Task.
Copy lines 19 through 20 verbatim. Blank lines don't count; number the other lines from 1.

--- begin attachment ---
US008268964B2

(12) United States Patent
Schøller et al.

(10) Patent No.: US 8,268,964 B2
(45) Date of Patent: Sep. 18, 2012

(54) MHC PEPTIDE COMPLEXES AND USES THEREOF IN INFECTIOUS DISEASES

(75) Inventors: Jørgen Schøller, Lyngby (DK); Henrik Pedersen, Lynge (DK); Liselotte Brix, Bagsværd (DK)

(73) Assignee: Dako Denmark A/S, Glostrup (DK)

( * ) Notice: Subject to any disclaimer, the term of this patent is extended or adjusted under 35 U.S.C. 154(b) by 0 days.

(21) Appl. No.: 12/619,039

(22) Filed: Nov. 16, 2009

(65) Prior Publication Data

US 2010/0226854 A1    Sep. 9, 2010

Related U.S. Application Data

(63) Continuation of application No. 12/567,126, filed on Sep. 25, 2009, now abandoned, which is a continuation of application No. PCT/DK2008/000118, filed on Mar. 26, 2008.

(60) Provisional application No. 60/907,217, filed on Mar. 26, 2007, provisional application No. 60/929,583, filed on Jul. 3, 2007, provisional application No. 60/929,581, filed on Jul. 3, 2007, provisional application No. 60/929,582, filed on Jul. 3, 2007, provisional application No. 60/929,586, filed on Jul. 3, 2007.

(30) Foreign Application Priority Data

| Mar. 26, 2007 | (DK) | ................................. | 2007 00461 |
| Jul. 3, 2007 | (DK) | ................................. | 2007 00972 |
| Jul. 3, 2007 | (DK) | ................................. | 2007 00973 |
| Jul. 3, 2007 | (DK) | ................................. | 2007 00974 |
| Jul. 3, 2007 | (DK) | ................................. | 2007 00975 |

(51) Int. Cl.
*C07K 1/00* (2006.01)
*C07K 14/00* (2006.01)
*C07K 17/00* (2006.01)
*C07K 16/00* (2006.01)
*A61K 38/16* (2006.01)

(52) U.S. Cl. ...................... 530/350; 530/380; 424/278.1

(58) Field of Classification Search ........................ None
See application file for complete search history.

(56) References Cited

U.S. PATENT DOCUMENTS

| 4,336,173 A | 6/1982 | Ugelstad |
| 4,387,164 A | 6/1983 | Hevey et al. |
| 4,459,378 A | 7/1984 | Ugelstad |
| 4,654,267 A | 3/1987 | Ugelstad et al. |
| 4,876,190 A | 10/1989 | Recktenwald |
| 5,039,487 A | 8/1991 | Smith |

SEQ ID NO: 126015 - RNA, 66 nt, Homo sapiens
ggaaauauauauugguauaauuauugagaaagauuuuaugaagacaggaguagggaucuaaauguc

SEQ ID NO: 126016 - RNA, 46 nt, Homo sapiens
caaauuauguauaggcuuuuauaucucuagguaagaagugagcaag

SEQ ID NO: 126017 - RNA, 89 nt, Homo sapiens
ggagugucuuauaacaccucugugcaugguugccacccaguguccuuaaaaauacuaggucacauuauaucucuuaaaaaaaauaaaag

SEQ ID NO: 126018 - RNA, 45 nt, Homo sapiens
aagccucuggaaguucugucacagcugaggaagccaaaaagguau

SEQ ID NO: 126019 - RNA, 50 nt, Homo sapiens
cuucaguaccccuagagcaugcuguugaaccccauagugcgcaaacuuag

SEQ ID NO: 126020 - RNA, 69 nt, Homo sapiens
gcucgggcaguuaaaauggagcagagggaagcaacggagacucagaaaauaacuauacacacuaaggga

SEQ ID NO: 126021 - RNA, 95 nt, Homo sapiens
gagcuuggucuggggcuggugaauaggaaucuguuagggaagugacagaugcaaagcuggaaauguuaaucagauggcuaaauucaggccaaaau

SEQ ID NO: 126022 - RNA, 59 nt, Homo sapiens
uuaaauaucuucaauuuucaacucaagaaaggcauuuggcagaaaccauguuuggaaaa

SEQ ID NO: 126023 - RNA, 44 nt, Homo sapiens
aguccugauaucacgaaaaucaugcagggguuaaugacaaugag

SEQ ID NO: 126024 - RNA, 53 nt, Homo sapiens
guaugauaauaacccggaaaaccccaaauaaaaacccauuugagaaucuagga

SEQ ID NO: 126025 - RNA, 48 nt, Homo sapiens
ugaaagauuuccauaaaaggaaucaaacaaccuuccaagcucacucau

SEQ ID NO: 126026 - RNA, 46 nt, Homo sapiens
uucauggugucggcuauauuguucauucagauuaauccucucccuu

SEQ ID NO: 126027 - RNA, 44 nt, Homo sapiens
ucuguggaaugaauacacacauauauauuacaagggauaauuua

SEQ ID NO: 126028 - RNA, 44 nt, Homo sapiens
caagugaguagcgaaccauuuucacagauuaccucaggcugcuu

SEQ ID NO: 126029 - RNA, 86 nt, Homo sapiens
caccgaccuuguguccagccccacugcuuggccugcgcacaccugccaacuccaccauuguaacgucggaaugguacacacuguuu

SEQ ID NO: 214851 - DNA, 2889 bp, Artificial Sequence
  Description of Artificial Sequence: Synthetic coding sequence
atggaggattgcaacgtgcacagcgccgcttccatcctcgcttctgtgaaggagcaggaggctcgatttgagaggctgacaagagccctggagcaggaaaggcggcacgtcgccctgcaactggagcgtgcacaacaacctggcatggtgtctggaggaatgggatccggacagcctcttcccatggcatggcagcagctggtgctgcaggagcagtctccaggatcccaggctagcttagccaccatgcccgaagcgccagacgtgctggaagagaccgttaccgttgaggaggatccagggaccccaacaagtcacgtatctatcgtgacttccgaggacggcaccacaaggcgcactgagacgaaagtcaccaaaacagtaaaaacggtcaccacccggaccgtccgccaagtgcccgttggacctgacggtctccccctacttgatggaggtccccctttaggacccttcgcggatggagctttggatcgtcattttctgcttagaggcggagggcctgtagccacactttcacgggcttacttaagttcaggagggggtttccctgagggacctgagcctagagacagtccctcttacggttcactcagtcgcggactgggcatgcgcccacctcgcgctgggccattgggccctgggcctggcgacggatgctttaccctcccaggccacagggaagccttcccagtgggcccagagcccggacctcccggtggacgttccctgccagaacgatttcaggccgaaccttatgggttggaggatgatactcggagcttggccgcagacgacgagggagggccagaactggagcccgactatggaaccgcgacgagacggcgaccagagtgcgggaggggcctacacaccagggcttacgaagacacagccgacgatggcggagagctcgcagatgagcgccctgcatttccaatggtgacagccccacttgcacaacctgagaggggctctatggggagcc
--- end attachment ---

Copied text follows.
| Jul. 3, 2007 | (DK) | ................................. | 2007 00972 |
| Jul. 3, 2007 | (DK) | ................................. | 2007 00973 |